That notion of being colorblind is part of the problem, according to Sherif Mansour, a parent and Egyptian immigrant who is also a member of the cultural proficiency committee. He says students need to see and acknowledge diversity.

“I think it will help them in their interpersonal relationships, I think it will make them perhaps more compassionate.”

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Community member Bill Klausman speaking at a Hudson Board of Education meeting on May 10.

The advisory committee is just getting started, and nothing has been implemented in the schools. But there is fear from some in the community about something called critical race theory or CRT—a concept that has been used to fuel conservative concerns. Here’s community member Bill Klausman at another May school board meeting:

“CRT in my opinion, represents the biggest threat since the Civil War to the rule of law and maintenance of a civil society in America ... What needs to be totally and forever dismantled from this school system is critical race theory for it is the very definition of racism.”

CRT is not commonly used in K-12 education and is not part of Hudson’s curriculum. Elizabeth Smith-Pryor, a professor of African American history at Kent State, says CRT has become part of a conservative culture war, but it started as a scholarly exploration of Civil Rights legislation enacted in the 1960s.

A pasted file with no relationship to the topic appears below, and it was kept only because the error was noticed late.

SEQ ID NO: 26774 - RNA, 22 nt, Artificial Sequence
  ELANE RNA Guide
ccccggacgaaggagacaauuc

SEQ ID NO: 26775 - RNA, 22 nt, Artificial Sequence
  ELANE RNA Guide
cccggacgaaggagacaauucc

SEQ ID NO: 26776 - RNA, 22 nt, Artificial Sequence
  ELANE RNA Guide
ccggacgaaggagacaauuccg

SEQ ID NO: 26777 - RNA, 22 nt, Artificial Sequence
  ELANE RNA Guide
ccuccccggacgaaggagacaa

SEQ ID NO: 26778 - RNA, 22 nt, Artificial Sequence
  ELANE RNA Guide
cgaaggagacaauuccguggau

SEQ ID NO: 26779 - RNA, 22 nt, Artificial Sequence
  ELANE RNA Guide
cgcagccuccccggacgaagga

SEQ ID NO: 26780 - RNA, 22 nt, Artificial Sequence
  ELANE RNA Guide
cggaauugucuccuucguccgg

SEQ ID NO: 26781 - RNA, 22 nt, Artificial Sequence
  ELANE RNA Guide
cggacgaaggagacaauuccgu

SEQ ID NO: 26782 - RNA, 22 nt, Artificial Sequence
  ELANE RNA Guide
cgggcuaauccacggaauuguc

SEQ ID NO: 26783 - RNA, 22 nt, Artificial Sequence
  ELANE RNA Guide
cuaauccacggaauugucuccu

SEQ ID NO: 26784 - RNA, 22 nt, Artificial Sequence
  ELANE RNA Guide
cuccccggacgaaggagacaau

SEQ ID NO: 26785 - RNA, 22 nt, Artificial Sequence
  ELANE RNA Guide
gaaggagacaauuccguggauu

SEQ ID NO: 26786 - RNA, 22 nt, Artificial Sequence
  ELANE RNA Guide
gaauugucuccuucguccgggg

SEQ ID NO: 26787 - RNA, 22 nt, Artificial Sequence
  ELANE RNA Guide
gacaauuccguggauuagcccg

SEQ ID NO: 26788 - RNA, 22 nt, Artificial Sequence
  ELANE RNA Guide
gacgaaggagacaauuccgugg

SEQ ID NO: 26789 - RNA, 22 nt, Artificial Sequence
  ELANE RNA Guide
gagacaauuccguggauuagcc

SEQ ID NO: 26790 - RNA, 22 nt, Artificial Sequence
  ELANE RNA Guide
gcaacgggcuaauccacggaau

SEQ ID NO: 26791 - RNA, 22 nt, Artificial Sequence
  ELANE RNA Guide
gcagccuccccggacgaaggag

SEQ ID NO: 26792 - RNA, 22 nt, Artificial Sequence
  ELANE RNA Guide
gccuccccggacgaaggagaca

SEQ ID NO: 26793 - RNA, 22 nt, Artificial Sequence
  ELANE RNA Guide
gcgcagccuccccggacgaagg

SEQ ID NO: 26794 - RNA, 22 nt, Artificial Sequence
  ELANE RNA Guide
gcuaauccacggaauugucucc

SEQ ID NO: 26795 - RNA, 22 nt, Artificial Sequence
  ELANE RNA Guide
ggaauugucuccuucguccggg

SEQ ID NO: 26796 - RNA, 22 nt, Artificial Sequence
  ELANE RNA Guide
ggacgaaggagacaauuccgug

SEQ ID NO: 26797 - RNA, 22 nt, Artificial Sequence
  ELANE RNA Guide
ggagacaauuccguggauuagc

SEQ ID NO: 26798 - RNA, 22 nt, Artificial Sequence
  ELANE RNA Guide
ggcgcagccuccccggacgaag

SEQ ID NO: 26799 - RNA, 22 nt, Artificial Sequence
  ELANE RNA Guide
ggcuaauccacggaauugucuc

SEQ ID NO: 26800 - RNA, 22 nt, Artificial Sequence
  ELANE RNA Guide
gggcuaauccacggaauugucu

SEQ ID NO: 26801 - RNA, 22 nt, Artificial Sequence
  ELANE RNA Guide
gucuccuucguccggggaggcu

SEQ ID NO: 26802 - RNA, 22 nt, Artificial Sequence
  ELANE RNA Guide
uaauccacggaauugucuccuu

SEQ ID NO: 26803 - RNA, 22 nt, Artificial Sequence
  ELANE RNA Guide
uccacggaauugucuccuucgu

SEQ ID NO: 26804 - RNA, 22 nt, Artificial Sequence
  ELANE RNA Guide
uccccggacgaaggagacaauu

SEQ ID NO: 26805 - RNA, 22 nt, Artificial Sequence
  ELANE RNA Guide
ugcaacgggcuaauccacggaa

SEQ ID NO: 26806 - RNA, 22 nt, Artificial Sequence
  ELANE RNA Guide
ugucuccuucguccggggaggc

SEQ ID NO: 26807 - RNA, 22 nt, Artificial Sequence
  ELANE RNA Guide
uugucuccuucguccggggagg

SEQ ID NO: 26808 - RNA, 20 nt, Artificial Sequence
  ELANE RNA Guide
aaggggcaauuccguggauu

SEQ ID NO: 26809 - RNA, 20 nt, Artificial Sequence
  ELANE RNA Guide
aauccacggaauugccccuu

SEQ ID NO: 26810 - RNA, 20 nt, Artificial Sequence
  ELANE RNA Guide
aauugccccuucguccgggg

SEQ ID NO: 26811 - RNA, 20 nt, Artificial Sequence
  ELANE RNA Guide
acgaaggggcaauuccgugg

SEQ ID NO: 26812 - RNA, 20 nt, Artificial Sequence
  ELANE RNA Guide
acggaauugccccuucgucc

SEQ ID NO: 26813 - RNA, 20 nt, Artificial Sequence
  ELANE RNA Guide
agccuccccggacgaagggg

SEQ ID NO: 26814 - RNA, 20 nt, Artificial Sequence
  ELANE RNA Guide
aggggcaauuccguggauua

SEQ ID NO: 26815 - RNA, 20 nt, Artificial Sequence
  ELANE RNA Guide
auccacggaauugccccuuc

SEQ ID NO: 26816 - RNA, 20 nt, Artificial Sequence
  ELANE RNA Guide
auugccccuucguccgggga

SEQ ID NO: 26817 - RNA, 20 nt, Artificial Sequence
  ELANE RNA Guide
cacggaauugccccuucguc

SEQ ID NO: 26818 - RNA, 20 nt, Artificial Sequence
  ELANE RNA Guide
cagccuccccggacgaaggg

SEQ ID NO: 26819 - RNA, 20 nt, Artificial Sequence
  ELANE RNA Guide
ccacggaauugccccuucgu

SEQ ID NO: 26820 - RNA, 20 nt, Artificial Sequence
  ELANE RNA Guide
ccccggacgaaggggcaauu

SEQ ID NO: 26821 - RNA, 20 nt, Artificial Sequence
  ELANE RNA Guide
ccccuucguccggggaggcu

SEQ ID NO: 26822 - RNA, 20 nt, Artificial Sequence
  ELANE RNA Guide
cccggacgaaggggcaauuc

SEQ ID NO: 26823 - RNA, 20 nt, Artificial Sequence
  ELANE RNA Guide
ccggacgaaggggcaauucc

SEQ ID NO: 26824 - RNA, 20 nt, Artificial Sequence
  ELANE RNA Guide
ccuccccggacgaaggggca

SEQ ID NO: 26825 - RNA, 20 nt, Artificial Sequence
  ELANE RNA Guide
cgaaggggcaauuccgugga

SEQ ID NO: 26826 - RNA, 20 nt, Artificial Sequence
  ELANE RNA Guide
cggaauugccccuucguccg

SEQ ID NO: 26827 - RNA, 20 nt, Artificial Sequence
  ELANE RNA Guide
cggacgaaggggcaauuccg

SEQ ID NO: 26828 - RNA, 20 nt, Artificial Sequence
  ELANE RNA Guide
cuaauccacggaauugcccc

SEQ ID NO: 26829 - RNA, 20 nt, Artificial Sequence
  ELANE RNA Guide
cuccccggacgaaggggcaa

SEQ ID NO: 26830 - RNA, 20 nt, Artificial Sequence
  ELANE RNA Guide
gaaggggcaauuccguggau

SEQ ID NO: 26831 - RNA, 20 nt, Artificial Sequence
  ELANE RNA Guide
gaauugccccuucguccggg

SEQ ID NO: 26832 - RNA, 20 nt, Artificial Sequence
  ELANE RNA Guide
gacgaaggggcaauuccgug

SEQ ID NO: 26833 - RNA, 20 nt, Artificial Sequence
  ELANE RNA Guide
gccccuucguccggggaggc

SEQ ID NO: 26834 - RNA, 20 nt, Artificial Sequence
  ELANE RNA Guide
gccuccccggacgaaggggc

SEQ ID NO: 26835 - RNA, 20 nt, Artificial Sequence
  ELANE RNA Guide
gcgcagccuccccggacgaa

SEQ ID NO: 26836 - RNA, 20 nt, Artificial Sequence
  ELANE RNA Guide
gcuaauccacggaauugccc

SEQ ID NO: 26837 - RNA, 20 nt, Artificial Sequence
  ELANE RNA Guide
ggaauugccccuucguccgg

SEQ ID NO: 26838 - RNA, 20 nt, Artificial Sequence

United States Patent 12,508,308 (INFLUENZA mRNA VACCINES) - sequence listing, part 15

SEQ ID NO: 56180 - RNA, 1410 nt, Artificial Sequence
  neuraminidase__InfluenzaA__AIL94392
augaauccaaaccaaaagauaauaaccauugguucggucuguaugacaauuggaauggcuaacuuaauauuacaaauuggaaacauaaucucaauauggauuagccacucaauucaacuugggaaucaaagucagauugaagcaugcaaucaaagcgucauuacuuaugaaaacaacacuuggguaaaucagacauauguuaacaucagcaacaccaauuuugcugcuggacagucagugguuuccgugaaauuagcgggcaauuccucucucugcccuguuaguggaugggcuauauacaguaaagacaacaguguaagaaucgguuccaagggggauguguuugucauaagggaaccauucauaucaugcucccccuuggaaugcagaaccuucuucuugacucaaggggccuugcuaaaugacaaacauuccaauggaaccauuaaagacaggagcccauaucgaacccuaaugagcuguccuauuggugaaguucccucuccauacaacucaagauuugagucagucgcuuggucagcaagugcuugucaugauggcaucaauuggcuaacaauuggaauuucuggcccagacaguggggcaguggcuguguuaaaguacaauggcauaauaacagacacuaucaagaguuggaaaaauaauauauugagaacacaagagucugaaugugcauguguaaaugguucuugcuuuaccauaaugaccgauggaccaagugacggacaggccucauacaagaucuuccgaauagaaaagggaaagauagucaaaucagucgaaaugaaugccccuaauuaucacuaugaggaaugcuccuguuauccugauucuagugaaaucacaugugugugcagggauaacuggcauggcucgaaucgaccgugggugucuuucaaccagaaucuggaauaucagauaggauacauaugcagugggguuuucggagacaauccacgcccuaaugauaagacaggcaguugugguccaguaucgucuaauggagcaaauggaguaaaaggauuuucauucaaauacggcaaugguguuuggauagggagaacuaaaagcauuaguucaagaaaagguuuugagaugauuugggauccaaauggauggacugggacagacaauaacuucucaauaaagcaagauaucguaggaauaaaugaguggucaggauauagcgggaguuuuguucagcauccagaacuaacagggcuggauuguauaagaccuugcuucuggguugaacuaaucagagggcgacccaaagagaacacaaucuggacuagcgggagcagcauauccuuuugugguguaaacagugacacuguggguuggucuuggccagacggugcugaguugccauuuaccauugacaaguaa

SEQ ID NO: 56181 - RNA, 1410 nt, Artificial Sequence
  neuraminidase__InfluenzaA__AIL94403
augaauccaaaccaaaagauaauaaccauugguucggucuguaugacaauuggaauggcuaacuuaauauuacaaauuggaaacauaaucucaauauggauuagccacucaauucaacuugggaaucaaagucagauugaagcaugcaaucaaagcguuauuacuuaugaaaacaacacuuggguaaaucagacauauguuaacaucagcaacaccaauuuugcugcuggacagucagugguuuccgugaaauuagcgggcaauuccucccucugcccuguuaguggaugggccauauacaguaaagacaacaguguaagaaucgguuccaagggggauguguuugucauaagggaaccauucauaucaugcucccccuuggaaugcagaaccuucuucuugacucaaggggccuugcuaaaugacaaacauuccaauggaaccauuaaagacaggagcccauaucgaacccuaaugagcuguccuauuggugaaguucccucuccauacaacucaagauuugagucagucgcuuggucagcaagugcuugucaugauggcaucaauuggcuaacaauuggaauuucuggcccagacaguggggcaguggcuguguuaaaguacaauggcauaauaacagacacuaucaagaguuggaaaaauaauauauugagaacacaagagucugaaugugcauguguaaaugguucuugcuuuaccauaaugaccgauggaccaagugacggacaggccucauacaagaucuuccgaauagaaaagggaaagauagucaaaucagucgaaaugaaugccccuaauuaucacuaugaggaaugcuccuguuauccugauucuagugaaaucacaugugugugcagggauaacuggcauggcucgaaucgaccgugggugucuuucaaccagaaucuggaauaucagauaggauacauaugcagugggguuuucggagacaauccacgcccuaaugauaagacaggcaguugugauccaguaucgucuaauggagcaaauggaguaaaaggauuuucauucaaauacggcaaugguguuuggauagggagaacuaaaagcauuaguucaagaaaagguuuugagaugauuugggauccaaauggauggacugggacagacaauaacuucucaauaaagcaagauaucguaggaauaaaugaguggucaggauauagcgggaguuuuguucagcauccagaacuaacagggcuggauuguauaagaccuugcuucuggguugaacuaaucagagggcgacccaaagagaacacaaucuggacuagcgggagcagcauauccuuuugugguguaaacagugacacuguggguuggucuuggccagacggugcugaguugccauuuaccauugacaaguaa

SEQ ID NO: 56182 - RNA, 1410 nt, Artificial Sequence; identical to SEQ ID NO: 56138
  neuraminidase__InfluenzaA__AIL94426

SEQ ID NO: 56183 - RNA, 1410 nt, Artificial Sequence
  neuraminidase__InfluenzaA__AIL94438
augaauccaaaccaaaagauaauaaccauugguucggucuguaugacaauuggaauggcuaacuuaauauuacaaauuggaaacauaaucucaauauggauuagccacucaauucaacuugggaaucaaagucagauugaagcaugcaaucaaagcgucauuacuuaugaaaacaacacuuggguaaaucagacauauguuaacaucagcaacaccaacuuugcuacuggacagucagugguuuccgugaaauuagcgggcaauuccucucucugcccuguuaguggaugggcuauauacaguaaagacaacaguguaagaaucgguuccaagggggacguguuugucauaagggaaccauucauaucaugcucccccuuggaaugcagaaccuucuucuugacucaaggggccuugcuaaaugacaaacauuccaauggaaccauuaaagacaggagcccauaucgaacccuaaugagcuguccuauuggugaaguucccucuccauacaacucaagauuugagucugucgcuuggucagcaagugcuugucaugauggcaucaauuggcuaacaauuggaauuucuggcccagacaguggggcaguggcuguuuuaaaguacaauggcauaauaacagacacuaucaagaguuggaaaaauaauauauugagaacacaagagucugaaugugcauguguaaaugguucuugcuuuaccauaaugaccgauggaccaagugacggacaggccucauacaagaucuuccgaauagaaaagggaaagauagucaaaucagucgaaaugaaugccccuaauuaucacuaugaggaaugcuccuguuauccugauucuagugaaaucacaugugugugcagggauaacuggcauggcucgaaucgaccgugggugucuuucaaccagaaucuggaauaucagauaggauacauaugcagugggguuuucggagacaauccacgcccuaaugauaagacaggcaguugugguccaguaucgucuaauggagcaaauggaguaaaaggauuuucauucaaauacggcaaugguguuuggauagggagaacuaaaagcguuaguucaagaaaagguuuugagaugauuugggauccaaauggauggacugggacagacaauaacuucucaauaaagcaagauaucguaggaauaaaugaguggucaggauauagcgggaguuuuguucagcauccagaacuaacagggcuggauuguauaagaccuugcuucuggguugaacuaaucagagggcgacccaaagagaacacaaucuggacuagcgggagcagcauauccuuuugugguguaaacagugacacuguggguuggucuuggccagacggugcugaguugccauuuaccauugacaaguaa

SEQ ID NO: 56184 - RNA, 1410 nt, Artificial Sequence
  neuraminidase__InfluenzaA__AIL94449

“We’ve passed these new laws, but yet, there’s still a lot of race-based inequality. Why might that be? And they began to think about more broadly than say Civil Rights law, what’s the connection between race and the American legal system?”

CRT has become a charged topic not only in school board meetings but in state legislatures including the Ohio House. State Rep Don Jones of Freeport, has introduced legislation to ban schools from teaching CRT. And two northeast Ohio legislators, Sarah Fowler Arthur and Diane Grendell, have introduced another bill banning the teaching of any divisive concepts. We were unable to connect with any of them for an interview. But State Representative Casey Weinstein of Hudson opposes these bills that he says shortchange students.

“I think our students are capable of handling tough subjects, of talking about difficult subjects, of being made to feel uncomfortable sometimes.”

As for Hudson’s DEI initiative, the district is sticking with it, although multiple attempts to interview coordinator Nyree Wilkerson were unsuccessful. During the last two board meetings parents and community members expressed support for the initiative. Sherif Mansour is encouraged by the conversations and hopes the community keeps talking.

“I am glad that Hudson is growing more diverse. I’m glad that Hudson is not burying its head in the sand regarding these issues and by in large is being willing to speak about them, act about them, and learn about them.”